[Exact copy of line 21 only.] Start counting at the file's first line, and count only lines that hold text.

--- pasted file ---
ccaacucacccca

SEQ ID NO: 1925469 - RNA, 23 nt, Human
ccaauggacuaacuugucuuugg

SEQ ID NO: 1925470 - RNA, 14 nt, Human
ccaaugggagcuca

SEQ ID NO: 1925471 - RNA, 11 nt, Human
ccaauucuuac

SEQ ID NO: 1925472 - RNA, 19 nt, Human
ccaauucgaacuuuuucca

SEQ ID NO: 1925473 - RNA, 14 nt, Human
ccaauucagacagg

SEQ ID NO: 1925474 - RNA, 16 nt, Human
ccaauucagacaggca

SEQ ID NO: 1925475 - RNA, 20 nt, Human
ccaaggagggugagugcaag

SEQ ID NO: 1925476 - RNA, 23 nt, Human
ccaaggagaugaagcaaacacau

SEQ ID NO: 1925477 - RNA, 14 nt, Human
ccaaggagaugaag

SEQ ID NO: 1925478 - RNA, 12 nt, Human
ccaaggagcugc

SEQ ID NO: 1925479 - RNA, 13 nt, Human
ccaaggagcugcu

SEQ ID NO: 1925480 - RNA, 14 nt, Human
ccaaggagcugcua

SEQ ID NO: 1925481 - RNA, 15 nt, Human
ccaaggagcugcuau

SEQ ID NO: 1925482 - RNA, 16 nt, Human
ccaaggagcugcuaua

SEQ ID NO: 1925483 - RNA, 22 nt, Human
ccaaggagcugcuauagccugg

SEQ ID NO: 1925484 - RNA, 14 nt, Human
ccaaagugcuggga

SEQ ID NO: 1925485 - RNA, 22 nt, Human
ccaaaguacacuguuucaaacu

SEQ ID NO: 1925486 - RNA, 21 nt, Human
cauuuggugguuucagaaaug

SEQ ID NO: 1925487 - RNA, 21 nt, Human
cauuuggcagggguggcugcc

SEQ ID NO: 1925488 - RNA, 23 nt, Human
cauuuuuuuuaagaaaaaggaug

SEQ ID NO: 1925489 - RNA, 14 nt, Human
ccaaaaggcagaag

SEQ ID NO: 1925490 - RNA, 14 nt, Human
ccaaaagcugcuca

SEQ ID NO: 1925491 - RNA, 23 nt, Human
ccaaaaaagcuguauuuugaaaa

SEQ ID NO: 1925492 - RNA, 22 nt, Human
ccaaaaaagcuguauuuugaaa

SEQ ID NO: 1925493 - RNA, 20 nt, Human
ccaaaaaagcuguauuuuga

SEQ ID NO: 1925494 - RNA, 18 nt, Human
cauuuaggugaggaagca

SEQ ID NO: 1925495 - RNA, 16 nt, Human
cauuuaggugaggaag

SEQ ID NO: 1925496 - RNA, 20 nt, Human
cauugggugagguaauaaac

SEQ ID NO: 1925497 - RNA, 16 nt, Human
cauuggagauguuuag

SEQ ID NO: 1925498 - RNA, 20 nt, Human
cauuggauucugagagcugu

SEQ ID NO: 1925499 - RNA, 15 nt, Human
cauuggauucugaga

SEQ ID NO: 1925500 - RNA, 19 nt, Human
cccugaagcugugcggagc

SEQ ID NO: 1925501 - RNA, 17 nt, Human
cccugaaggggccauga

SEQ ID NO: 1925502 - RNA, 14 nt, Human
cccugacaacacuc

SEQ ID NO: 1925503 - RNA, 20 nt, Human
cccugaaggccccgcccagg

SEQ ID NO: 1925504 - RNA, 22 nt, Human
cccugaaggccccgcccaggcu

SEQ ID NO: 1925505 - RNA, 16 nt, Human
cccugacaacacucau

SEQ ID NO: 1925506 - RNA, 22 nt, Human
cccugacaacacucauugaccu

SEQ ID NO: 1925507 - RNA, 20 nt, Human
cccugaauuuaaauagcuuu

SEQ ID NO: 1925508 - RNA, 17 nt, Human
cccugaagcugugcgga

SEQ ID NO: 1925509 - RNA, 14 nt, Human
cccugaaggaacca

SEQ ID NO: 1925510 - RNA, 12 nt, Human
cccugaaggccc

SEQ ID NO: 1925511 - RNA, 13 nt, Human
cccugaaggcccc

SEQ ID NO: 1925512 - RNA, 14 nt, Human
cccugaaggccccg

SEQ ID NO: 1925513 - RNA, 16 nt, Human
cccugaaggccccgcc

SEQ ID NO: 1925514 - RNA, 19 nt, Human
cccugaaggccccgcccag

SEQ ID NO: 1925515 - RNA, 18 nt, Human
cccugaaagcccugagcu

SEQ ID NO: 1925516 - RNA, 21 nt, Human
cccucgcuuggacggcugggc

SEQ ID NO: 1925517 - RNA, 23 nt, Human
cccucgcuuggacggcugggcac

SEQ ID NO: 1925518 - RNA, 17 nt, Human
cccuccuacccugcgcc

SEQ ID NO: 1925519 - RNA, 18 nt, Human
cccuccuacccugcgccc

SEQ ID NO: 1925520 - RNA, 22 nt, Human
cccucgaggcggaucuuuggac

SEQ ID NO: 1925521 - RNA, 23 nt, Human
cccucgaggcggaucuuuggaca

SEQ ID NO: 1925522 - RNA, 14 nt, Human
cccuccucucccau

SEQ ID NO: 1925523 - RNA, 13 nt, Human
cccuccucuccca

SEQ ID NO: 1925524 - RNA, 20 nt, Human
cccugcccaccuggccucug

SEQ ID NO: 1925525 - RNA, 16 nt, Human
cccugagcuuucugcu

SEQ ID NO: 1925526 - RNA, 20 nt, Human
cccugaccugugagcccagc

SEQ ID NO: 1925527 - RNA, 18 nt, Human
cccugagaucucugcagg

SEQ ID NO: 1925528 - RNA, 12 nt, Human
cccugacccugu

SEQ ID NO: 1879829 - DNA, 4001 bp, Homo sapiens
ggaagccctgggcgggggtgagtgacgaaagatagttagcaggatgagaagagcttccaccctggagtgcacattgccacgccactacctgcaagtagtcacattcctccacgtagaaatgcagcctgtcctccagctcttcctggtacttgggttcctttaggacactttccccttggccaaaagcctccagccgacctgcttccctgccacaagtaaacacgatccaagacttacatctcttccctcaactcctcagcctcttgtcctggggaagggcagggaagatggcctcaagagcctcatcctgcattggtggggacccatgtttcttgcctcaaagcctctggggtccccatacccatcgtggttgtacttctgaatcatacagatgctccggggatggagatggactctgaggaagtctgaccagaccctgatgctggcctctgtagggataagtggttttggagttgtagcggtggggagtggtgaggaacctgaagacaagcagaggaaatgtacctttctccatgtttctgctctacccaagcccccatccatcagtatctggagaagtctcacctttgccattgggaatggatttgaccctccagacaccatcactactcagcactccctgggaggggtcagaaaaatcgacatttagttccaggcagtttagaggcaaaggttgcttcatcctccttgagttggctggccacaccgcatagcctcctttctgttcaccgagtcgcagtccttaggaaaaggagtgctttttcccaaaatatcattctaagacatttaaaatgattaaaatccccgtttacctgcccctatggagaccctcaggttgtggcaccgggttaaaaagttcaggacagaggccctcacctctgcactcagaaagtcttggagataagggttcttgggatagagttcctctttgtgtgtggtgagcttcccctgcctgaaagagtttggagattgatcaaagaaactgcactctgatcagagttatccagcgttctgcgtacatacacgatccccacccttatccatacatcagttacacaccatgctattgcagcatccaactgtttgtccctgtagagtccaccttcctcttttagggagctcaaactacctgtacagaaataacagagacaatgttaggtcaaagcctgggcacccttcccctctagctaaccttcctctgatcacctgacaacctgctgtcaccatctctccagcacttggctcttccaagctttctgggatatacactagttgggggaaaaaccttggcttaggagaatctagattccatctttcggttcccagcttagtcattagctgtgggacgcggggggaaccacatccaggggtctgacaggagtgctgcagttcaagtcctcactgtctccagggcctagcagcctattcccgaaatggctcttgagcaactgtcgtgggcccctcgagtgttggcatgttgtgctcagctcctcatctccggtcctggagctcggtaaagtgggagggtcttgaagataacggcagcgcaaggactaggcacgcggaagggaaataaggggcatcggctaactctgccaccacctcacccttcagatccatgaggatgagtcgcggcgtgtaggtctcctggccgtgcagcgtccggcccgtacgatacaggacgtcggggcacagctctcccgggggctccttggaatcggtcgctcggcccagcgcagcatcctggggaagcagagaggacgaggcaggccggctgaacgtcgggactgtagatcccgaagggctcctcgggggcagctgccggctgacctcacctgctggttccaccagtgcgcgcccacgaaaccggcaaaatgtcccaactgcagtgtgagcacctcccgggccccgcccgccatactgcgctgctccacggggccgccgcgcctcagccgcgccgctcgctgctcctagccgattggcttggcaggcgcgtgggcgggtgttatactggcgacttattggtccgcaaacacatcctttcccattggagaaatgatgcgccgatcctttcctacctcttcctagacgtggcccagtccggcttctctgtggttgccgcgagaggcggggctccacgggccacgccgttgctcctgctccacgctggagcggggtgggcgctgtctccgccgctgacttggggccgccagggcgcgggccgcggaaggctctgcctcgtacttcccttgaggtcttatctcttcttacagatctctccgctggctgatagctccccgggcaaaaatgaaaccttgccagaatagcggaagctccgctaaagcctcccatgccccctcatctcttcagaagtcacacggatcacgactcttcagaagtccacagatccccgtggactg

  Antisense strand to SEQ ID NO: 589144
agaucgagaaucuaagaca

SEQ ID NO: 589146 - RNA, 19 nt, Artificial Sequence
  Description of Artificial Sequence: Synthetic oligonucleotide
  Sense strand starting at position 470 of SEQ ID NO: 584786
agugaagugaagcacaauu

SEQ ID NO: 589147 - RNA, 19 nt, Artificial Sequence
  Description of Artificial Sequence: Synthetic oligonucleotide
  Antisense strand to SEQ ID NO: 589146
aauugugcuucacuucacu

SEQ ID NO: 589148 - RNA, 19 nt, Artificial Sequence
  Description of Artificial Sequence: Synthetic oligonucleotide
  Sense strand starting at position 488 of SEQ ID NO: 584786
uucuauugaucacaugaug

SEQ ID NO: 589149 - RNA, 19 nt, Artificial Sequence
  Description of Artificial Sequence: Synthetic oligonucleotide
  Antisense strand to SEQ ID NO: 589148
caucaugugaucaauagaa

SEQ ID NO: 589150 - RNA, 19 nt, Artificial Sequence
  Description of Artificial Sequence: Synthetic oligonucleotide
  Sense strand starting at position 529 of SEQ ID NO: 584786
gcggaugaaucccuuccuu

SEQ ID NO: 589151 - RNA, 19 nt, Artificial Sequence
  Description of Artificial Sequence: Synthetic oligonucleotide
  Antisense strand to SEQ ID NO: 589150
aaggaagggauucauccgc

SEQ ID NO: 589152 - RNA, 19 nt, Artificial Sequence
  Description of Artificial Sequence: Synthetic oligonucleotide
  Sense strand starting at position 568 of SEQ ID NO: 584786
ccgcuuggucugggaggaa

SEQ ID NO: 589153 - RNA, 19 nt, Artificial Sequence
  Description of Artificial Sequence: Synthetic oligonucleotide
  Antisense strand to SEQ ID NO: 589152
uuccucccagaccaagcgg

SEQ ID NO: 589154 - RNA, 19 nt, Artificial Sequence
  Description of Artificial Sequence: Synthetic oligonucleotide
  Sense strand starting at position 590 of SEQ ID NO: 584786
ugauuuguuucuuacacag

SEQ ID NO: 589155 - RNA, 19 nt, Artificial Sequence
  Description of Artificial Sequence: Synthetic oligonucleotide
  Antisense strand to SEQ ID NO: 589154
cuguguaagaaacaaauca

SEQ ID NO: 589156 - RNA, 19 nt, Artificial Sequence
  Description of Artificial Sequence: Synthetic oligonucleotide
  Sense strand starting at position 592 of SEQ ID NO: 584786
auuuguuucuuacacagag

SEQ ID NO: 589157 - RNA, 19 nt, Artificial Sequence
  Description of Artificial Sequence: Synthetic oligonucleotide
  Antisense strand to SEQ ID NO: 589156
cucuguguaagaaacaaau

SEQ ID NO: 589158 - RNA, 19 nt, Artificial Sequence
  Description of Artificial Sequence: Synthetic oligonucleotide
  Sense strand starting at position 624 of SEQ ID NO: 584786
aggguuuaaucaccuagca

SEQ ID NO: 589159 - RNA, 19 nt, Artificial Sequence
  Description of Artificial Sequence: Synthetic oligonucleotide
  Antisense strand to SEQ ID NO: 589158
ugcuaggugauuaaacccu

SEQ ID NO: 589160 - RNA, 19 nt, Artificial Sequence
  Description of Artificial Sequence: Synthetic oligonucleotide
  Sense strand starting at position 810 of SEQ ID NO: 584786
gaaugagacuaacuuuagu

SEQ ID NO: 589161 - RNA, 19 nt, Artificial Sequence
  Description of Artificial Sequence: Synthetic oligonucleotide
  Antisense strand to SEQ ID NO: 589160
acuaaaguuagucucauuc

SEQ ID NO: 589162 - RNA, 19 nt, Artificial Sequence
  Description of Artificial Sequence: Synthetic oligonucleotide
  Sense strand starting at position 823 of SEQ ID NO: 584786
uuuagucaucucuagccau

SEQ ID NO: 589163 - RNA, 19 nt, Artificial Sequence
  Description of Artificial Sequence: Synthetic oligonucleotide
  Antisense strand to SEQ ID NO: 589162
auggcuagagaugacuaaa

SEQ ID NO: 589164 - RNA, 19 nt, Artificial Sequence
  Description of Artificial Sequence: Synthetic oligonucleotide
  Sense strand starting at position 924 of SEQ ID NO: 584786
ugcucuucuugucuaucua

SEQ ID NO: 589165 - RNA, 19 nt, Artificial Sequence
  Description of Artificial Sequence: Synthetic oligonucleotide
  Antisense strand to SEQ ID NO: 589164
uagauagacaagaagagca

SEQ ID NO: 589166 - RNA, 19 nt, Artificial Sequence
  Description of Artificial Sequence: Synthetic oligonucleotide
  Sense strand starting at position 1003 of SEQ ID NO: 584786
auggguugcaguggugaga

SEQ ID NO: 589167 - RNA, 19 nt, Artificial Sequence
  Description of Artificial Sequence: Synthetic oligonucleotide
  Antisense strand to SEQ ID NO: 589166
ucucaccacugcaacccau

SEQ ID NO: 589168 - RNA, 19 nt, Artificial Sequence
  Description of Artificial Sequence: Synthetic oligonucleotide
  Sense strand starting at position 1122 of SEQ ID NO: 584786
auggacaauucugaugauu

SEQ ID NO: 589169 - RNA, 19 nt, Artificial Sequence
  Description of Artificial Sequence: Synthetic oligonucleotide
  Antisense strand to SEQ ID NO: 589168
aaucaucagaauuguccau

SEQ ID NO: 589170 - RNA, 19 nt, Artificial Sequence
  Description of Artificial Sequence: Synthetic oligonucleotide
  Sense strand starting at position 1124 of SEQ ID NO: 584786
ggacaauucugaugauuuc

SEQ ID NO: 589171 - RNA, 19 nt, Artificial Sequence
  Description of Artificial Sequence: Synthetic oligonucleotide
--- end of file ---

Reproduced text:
ccaaggagcugc